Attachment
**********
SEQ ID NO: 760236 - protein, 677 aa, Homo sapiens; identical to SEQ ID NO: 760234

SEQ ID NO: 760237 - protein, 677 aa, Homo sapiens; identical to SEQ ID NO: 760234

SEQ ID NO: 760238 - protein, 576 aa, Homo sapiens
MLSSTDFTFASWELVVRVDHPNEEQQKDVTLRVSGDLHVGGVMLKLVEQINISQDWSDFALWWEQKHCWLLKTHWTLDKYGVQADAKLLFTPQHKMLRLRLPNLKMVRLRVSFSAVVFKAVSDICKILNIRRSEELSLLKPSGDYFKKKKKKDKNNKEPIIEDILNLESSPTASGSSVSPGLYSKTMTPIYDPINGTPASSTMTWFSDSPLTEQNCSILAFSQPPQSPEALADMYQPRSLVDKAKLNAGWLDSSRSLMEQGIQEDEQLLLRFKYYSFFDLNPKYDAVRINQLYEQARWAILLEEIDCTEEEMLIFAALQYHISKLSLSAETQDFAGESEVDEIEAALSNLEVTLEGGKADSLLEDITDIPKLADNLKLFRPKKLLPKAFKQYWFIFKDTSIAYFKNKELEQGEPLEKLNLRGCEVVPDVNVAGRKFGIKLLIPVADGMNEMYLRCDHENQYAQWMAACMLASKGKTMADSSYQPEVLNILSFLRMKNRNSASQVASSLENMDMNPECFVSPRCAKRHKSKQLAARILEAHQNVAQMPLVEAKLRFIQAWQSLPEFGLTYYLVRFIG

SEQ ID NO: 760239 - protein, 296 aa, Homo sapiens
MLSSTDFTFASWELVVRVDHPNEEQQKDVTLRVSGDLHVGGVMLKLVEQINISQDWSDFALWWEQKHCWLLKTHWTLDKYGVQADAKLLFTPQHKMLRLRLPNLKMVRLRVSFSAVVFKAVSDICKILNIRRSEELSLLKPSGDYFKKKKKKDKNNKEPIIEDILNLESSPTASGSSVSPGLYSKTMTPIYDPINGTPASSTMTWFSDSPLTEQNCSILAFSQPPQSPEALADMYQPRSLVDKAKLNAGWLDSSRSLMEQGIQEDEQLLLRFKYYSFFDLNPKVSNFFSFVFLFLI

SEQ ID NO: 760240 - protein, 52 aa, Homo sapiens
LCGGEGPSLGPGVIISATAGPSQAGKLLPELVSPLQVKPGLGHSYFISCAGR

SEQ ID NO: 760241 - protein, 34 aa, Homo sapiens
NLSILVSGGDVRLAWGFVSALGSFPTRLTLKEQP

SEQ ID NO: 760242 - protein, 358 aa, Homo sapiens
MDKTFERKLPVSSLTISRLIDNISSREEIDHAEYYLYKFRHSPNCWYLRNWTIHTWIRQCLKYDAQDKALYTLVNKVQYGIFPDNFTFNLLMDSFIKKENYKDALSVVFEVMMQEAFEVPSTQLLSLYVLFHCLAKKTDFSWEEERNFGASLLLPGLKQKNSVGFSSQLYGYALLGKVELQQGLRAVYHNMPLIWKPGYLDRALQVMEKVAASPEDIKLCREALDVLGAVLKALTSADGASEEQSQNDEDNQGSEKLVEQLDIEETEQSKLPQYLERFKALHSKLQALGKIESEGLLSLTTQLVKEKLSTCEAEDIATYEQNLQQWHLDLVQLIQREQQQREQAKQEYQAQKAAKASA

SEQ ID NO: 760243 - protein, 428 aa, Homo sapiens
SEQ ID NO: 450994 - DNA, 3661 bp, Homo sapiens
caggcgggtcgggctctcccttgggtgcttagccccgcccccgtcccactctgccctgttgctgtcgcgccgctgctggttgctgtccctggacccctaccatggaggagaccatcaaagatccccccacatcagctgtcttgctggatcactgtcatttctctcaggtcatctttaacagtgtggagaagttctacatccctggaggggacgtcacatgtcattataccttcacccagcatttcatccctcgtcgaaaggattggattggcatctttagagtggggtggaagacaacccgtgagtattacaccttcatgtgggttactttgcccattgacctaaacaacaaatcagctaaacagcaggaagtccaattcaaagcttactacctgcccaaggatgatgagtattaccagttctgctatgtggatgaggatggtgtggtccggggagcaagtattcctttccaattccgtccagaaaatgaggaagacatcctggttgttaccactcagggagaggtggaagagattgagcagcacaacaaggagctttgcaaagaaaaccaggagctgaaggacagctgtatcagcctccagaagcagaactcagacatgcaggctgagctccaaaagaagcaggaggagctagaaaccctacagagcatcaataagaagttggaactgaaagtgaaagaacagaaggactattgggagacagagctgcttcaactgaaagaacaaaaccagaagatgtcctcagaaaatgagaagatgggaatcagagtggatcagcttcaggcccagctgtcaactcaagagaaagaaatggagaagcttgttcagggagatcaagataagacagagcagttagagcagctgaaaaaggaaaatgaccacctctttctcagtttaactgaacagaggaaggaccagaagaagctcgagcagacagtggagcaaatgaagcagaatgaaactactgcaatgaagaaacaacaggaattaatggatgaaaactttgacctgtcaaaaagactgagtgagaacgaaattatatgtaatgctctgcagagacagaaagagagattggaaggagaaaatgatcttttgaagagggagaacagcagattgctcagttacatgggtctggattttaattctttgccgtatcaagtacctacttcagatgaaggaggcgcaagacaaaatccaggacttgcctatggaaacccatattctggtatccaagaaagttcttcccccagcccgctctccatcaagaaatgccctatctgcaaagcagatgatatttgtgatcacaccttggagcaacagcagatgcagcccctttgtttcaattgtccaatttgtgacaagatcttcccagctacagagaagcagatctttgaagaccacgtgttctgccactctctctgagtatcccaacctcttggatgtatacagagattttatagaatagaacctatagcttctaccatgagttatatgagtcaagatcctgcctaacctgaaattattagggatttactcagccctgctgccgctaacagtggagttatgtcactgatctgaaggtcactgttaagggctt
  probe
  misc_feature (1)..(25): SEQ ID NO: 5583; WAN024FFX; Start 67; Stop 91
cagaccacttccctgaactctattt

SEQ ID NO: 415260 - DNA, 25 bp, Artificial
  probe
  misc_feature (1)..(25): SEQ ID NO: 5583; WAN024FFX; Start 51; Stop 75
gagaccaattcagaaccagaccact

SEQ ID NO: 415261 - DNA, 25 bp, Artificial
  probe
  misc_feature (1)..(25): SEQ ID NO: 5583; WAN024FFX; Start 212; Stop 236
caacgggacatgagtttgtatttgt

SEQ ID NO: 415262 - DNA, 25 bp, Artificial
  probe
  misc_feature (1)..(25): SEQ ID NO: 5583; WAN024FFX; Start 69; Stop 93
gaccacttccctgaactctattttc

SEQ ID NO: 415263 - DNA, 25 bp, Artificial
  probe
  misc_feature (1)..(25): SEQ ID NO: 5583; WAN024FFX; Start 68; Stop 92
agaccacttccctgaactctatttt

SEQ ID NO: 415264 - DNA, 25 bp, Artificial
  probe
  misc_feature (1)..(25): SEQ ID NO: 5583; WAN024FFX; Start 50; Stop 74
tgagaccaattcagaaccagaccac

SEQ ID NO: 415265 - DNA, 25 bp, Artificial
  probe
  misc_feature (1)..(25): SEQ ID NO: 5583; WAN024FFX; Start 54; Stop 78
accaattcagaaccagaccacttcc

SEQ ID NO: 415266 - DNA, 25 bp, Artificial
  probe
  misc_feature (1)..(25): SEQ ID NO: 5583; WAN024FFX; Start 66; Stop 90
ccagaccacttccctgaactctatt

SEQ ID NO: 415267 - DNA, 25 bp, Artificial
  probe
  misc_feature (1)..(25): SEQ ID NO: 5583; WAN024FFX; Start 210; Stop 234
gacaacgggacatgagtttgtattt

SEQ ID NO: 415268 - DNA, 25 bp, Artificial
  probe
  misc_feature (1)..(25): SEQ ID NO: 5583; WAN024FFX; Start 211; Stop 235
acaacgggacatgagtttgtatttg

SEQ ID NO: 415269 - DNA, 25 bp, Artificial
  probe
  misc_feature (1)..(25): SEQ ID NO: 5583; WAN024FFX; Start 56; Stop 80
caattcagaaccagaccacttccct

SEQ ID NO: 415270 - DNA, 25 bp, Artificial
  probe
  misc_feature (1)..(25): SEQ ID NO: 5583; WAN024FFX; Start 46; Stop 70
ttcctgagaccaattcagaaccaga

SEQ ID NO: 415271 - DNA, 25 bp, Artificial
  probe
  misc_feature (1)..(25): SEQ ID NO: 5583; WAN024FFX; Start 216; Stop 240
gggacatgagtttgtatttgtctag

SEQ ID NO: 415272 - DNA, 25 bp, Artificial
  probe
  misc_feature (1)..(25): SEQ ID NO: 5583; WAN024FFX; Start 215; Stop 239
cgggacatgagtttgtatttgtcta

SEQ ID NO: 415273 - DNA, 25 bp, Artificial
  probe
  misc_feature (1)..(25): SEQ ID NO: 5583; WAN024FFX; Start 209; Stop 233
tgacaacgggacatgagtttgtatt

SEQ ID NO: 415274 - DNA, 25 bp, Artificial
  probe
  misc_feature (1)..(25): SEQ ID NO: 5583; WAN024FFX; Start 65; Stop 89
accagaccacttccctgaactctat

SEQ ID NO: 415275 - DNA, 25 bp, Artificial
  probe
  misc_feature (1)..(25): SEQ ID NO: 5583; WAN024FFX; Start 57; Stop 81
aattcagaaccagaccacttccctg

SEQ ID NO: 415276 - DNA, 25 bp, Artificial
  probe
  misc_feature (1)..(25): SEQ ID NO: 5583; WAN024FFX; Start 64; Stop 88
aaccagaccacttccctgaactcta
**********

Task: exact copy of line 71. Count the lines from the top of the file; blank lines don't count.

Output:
SEQ ID NO: 415273 - DNA, 25 bp, Artificial